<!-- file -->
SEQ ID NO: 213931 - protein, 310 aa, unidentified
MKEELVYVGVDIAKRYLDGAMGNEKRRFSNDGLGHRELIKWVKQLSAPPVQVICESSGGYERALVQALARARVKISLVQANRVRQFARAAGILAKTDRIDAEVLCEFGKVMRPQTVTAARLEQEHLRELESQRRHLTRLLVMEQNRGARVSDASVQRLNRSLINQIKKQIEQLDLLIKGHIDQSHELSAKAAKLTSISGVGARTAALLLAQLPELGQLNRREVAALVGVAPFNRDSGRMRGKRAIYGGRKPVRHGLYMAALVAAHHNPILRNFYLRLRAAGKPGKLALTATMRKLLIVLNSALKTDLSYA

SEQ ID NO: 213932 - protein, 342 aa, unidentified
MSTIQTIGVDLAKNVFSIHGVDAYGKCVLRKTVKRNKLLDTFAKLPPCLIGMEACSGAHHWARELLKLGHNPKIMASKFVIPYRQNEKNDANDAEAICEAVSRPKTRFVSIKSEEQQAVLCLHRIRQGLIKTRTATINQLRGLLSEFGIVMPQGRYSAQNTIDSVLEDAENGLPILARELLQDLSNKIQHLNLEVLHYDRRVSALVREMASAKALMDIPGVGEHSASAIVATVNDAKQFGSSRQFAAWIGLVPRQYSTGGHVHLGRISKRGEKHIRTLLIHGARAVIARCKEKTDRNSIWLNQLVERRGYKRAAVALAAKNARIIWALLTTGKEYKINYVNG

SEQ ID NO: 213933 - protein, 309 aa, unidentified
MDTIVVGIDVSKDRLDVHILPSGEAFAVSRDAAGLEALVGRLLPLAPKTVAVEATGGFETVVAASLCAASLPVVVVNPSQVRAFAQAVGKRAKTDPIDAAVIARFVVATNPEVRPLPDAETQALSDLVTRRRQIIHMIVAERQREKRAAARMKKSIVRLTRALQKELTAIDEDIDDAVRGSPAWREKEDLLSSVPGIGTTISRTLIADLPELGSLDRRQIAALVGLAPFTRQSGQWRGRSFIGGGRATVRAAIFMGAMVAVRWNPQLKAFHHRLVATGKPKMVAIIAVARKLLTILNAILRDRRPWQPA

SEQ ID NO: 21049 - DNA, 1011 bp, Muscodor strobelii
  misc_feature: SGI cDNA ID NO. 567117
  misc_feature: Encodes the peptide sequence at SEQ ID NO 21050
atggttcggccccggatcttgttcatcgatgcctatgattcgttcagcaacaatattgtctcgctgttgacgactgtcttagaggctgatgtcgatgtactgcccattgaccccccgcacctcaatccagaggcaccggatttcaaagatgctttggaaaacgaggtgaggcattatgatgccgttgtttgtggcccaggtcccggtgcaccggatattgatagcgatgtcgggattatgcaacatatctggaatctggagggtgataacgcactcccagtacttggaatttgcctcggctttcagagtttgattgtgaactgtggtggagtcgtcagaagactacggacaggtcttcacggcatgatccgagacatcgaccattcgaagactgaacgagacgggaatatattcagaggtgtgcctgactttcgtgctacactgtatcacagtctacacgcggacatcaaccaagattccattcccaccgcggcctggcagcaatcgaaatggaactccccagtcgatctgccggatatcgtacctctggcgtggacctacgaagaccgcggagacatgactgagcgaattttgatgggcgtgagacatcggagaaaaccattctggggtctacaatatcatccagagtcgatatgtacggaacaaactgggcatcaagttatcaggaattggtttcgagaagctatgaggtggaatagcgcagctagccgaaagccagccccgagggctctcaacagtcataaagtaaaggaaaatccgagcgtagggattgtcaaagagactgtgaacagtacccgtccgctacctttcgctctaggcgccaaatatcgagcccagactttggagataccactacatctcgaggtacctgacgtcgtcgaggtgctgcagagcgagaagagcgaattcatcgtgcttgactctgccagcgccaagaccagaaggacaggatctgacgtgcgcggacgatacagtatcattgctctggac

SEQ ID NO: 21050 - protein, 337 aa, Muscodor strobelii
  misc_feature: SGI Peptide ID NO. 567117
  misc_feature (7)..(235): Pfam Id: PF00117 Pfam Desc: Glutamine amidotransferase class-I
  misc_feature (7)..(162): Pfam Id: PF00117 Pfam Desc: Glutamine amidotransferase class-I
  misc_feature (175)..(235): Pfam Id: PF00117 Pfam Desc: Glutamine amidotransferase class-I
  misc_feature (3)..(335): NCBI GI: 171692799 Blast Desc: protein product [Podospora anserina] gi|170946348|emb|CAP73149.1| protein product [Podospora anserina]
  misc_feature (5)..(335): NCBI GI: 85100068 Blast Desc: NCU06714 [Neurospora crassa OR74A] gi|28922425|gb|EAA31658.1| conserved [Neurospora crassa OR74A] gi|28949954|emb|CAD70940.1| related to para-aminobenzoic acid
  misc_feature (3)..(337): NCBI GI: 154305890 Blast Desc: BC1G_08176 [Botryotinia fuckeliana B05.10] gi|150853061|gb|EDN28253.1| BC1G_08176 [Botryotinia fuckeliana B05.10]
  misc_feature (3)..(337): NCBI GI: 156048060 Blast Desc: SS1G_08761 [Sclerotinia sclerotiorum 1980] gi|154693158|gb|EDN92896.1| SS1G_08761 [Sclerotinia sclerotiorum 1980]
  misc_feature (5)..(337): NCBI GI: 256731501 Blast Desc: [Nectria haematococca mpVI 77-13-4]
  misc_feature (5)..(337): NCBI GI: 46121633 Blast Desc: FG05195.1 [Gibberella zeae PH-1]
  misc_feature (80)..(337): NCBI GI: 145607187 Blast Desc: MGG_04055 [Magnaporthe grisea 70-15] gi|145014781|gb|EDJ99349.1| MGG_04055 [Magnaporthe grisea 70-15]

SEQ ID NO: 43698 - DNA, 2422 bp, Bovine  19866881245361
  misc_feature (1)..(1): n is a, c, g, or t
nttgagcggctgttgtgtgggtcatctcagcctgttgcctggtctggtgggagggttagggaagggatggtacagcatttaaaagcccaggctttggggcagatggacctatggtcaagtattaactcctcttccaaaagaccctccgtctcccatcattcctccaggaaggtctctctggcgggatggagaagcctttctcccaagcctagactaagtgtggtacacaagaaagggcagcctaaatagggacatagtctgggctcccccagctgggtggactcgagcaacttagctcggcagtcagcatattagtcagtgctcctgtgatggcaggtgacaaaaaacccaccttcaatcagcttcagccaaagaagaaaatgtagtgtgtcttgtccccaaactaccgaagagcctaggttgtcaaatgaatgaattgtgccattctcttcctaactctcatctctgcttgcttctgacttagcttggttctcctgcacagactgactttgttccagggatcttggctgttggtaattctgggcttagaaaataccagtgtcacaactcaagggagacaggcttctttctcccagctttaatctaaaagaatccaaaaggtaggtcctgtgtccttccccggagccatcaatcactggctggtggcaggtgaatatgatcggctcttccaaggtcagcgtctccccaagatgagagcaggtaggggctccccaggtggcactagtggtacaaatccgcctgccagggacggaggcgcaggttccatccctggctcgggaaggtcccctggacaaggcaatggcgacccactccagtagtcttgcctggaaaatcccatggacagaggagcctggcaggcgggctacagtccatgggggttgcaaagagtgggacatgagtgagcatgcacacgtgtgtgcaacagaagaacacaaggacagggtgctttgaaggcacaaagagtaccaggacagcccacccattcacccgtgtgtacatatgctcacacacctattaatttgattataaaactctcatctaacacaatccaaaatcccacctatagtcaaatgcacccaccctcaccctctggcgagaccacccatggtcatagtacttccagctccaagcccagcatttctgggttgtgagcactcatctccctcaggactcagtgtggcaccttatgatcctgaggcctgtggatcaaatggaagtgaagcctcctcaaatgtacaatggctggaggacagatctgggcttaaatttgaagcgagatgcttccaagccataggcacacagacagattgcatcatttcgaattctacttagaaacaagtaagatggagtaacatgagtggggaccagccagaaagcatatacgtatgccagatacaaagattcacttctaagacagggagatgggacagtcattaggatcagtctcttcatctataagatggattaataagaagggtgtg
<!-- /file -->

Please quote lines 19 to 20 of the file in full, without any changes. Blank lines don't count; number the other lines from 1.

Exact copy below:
  misc_feature (3)..(337): NCBI GI: 156048060 Blast Desc: SS1G_08761 [Sclerotinia sclerotiorum 1980] gi|154693158|gb|EDN92896.1| SS1G_08761 [Sclerotinia sclerotiorum 1980]
  misc_feature (5)..(337): NCBI GI: 256731501 Blast Desc: [Nectria haematococca mpVI 77-13-4]